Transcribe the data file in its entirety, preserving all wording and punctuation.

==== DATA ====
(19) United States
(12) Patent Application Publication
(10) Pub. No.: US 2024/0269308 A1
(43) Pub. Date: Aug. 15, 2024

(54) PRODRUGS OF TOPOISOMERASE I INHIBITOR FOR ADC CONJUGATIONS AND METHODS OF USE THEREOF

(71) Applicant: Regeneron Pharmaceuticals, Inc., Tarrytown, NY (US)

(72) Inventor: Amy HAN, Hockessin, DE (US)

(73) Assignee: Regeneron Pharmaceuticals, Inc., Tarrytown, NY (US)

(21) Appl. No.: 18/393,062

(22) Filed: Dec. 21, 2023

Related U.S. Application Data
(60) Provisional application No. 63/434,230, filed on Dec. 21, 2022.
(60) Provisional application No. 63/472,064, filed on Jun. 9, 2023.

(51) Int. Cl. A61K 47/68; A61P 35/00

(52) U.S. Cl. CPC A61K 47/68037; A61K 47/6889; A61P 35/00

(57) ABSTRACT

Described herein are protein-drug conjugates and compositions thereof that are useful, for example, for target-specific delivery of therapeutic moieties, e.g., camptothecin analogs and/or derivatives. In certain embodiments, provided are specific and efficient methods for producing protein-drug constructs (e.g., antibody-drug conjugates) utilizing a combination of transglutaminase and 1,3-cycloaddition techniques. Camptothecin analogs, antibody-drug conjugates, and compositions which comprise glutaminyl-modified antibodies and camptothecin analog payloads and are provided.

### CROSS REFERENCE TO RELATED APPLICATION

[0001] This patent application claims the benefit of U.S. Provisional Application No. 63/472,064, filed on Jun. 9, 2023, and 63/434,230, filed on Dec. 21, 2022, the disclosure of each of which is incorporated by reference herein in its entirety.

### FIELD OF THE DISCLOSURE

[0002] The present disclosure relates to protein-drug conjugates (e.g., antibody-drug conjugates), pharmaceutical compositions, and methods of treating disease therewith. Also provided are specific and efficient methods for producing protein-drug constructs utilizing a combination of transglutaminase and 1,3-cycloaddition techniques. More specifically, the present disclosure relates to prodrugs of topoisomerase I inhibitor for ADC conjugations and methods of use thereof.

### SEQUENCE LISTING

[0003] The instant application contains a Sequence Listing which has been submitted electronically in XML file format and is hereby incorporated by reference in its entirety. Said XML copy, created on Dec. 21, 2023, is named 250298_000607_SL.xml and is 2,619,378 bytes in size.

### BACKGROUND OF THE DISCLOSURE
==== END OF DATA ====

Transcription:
(19) United States
(12) Patent Application Publication
(10) Pub. No.: US 2024/0269308 A1
(43) Pub. Date: Aug. 15, 2024

(54) PRODRUGS OF TOPOISOMERASE I INHIBITOR FOR ADC CONJUGATIONS AND METHODS OF USE THEREOF

(71) Applicant: Regeneron Pharmaceuticals, Inc., Tarrytown, NY (US)

(72) Inventor: Amy HAN, Hockessin, DE (US)

(73) Assignee: Regeneron Pharmaceuticals, Inc., Tarrytown, NY (US)

(21) Appl. No.: 18/393,062

(22) Filed: Dec. 21, 2023

Related U.S. Application Data
(60) Provisional application No. 63/434,230, filed on Dec. 21, 2022.
(60) Provisional application No. 63/472,064, filed on Jun. 9, 2023.

(51) Int. Cl. A61K 47/68; A61P 35/00

(52) U.S. Cl. CPC A61K 47/68037; A61K 47/6889; A61P 35/00

(57) ABSTRACT

Described herein are protein-drug conjugates and compositions thereof that are useful, for example, for target-specific delivery of therapeutic moieties, e.g., camptothecin analogs and/or derivatives. In certain embodiments, provided are specific and efficient methods for producing protein-drug constructs (e.g., antibody-drug conjugates) utilizing a combination of transglutaminase and 1,3-cycloaddition techniques. Camptothecin analogs, antibody-drug conjugates, and compositions which comprise glutaminyl-modified antibodies and camptothecin analog payloads and are provided.

### CROSS REFERENCE TO RELATED APPLICATION

[0001] This patent application claims the benefit of U.S. Provisional Application No. 63/472,064, filed on Jun. 9, 2023, and 63/434,230, filed on Dec. 21, 2022, the disclosure of each of which is incorporated by reference herein in its entirety.

### FIELD OF THE DISCLOSURE

[0002] The present disclosure relates to protein-drug conjugates (e.g., antibody-drug conjugates), pharmaceutical compositions, and methods of treating disease therewith. Also provided are specific and efficient methods for producing protein-drug constructs utilizing a combination of transglutaminase and 1,3-cycloaddition techniques. More specifically, the present disclosure relates to prodrugs of topoisomerase I inhibitor for ADC conjugations and methods of use thereof.

### SEQUENCE LISTING

[0003] The instant application contains a Sequence Listing which has been submitted electronically in XML file format and is hereby incorporated by reference in its entirety. Said XML copy, created on Dec. 21, 2023, is named 250298_000607_SL.xml and is 2,619,378 bytes in size.

### BACKGROUND OF THE DISCLOSURE